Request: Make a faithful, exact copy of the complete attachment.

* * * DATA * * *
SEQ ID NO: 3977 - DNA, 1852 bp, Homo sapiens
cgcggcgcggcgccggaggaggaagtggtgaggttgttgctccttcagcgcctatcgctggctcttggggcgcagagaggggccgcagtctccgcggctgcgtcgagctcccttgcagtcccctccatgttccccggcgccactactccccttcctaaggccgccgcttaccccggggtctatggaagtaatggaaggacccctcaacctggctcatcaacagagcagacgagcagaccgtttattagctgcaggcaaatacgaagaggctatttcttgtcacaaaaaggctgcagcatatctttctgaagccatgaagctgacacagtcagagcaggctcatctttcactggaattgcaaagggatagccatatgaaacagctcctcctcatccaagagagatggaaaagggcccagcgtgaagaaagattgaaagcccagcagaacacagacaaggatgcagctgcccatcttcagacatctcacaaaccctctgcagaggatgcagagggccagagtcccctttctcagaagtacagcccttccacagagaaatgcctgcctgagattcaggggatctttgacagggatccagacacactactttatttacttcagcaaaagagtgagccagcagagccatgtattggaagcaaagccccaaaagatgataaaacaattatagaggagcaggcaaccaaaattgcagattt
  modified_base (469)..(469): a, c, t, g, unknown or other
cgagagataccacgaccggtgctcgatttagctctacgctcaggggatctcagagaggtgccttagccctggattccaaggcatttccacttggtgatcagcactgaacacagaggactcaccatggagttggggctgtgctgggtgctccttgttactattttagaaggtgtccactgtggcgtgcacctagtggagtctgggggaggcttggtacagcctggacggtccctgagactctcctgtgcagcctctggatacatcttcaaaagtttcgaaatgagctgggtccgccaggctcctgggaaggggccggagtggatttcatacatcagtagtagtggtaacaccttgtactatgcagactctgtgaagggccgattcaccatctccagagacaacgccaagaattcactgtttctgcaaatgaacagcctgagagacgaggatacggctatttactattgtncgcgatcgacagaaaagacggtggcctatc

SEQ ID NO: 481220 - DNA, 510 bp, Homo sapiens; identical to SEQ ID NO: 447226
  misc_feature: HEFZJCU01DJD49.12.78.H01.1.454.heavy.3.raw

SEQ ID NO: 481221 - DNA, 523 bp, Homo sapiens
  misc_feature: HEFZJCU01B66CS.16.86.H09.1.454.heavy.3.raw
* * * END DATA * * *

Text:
SEQ ID NO: 3977 - DNA, 1852 bp, Homo sapiens
cgcggcgcggcgccggaggaggaagtggtgaggttgttgctccttcagcgcctatcgctggctcttggggcgcagagaggggccgcagtctccgcggctgcgtcgagctcccttgcagtcccctccatgttccccggcgccactactccccttcctaaggccgccgcttaccccggggtctatggaagtaatggaaggacccctcaacctggctcatcaacagagcagacgagcagaccgtttattagctgcaggcaaatacgaagaggctatttcttgtcacaaaaaggctgcagcatatctttctgaagccatgaagctgacacagtcagagcaggctcatctttcactggaattgcaaagggatagccatatgaaacagctcctcctcatccaagagagatggaaaagggcccagcgtgaagaaagattgaaagcccagcagaacacagacaaggatgcagctgcccatcttcagacatctcacaaaccctctgcagaggatgcagagggccagagtcccctttctcagaagtacagcccttccacagagaaatgcctgcctgagattcaggggatctttgacagggatccagacacactactttatttacttcagcaaaagagtgagccagcagagccatgtattggaagcaaagccccaaaagatgataaaacaattatagaggagcaggcaaccaaaattgcagattt
  modified_base (469)..(469): a, c, t, g, unknown or other
cgagagataccacgaccggtgctcgatttagctctacgctcaggggatctcagagaggtgccttagccctggattccaaggcatttccacttggtgatcagcactgaacacagaggactcaccatggagttggggctgtgctgggtgctccttgttactattttagaaggtgtccactgtggcgtgcacctagtggagtctgggggaggcttggtacagcctggacggtccctgagactctcctgtgcagcctctggatacatcttcaaaagtttcgaaatgagctgggtccgccaggctcctgggaaggggccggagtggatttcatacatcagtagtagtggtaacaccttgtactatgcagactctgtgaagggccgattcaccatctccagagacaacgccaagaattcactgtttctgcaaatgaacagcctgagagacgaggatacggctatttactattgtncgcgatcgacagaaaagacggtggcctatc

SEQ ID NO: 481220 - DNA, 510 bp, Homo sapiens; identical to SEQ ID NO: 447226
  misc_feature: HEFZJCU01DJD49.12.78.H01.1.454.heavy.3.raw

SEQ ID NO: 481221 - DNA, 523 bp, Homo sapiens
  misc_feature: HEFZJCU01B66CS.16.86.H09.1.454.heavy.3.raw